The Principle of Complementarity
The discovery of quantum particles to exhibit apparently opposite features, like particles and their antiparticles or particles and the dual nature of particles as waves and particles, leads the Danish physicist Neils Bohr to advance in 1927 his so-called “principle of complementarity,” in which he maintains that isolated material particles can only be defined and observed through their interaction with other systems (1958:57). In his notion of complementarity, Bohr also sees the particle and wave dimensions as complementary representations of the same reality and both descriptions, according to him, are needed to complete the whole picture. Heisenberg (1958:107) later comments that as a result: “The world thus appears as a complicated tissue of events, in which connections of different kinds alternate or overlap or combine and thereby determine the texture of the whole.” It now appears that quantum theory reveals a fundamental reality, which physicist David Bohm (1917-1992) calls “unbroken wholeness,” clearly suggesting that we cannot decompose the world into independently existing smallest units. In the words of Bohm and Hiley (1974, 1975:96,102):
“Parts” are seen to be in immediate connection, in which their dynamical relationships depend, in an irreducible way, on the state the whole system (and, indeed, on that of broader systems in which they are contained, extending ultimately and in principle to the entire universe). Thus, one is led to a new notion of unbroken wholeness which denies the classical idea of analyzability of the world into separately and independently existent parts.
As American physicist, Barbara Brennan, states in her book The Hands of Light: “Quantum physics is beginning to realize that the Universe appears to be a dynamic web of interconnected and inseparable energy patterns. If the universe is indeed composed of such a web, there is logically no such thing as a part. This implies we are not separated parts of a whole but rather we are the Whole." The interconnectedness of all matter in the physical universe also reflects the so-called non-locality phenomenon (attributed as the Bell’s theorem) which advances the view that occurrences on one side of the Cosmos can instantly effect 'matter' on the other side of the Cosmos. In simpler words, an event which happens in one place instantaneously causes an influence or effect of another event in some place elsewhere in the Cosmos. This theory is discovered in 1935 when Einstein, Podolsky, and Rosenberg (EPR) theorize that the simple act of measuring a particular particle at one particular location instantly influence another particle far away, an event which Einstein calls “spooky actions at a distance.”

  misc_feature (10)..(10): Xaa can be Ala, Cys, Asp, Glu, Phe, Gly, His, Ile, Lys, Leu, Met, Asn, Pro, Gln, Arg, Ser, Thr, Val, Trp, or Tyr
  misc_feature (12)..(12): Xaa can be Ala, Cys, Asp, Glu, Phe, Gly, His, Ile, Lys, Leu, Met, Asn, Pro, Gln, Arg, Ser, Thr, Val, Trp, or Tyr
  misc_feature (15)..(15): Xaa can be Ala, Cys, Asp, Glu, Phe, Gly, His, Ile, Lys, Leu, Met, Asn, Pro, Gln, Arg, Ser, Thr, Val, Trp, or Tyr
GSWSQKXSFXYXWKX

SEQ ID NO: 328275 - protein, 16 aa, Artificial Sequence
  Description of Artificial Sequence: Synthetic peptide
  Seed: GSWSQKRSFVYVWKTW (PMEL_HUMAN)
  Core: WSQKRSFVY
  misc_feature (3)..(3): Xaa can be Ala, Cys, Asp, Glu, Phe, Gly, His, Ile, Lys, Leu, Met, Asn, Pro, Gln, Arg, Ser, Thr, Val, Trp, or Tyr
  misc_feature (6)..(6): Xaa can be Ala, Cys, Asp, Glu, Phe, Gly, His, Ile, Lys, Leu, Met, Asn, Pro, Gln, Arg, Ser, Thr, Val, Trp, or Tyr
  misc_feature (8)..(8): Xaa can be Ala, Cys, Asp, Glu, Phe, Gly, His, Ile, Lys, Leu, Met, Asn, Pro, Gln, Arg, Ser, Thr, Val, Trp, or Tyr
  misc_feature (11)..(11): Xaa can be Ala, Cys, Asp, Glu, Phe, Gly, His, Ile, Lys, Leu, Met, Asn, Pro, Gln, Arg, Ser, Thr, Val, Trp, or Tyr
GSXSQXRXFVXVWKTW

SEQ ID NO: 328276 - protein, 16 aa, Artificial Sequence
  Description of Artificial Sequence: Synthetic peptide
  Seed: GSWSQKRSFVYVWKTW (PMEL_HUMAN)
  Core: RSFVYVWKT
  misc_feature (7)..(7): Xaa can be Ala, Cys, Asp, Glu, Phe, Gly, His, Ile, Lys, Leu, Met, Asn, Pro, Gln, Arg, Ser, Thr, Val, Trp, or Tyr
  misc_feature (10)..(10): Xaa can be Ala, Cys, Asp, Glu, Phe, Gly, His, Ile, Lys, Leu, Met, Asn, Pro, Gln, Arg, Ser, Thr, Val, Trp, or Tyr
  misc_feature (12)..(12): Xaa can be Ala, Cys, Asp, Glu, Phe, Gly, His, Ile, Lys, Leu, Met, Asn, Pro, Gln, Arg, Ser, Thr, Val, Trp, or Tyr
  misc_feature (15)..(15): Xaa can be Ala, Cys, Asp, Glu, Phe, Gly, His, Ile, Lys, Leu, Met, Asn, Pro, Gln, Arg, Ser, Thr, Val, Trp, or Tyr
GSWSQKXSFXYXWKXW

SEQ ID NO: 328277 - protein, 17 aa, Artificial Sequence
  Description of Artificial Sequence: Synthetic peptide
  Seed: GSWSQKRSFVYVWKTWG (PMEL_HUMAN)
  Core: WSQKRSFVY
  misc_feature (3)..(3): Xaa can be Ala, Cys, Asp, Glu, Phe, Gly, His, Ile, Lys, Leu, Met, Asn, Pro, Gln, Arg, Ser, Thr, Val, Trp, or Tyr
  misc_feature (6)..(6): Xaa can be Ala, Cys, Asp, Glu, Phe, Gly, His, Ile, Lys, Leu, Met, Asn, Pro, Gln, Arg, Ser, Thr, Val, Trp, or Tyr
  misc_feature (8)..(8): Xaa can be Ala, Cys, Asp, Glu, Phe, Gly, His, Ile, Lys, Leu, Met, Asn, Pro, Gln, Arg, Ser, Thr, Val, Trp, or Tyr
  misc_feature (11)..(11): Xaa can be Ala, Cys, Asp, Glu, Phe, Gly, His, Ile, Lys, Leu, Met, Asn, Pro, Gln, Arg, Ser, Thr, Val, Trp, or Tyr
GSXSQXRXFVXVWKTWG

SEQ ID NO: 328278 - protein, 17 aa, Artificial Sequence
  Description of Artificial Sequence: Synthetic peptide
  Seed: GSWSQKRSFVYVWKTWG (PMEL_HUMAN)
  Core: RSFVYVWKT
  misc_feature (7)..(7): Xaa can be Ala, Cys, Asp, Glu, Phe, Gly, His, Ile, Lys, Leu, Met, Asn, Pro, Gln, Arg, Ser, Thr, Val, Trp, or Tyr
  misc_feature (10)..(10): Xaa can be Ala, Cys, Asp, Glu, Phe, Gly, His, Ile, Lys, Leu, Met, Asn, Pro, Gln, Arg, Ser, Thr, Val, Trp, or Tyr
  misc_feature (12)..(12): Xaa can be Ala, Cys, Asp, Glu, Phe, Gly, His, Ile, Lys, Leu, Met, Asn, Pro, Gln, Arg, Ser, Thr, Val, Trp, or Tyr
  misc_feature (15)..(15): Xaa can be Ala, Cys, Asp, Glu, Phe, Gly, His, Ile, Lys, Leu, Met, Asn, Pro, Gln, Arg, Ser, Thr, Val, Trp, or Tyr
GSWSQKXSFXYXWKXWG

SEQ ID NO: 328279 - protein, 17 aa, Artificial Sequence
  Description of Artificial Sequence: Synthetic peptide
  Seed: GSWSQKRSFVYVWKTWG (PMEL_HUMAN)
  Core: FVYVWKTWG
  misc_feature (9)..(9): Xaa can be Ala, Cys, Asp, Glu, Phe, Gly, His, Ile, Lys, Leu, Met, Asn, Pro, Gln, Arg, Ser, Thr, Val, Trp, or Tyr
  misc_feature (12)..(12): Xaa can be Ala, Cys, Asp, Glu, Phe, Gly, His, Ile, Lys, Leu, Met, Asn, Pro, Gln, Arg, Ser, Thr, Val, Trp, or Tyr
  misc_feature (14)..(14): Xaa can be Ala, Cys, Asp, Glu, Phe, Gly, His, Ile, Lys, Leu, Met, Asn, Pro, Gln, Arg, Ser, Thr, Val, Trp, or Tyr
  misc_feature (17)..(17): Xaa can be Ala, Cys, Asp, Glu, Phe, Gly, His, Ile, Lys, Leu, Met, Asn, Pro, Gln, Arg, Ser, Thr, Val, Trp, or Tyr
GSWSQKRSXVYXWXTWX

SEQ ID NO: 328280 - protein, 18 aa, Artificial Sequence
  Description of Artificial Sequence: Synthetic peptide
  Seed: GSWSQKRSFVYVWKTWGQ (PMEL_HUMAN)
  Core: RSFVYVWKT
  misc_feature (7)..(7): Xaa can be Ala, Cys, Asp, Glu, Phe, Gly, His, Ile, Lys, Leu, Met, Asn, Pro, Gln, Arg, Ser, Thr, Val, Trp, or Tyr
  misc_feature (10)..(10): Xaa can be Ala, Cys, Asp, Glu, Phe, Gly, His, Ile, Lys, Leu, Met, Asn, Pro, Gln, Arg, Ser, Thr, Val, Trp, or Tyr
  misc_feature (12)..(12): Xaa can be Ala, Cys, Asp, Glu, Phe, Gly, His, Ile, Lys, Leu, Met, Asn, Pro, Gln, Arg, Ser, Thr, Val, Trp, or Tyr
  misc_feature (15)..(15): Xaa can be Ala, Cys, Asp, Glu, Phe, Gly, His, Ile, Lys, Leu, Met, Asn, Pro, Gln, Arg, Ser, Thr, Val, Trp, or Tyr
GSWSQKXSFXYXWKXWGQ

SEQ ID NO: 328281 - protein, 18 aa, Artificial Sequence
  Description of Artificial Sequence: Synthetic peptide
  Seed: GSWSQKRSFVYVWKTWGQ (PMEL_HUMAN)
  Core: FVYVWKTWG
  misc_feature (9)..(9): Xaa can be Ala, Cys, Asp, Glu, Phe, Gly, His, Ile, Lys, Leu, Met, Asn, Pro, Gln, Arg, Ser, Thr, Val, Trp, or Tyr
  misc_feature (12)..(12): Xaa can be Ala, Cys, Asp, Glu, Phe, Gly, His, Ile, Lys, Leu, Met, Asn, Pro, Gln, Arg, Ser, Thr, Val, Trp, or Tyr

Almost after 30 years later, Irish experimental physicist John Stewart Bell (1928-1990) conducts an experiment following the EPR theory, the results of which prove the latter to be true. Fritjof Capra interprets this feature in the quantum world in terms of unity, interconnectedness, and mutual interrelation of all things and events that arise in the quantum world. This sort of interpretation, he refers to as the “metaphysics of quantum theory.” In his words (1975:124): “Quantum theory ... reveals an essential interconnectedness of the universe. It shows that we cannot decompose the world into independently existing smallest units.” Particle scientists discover that atoms can now be divided. But, strangely enough, the resulting elements are also atoms of the same nature as the original atom, consisting primarily of the three major elements: protons, neutrons, and electrons, composed of matter (dense part) and energy (the subtle part).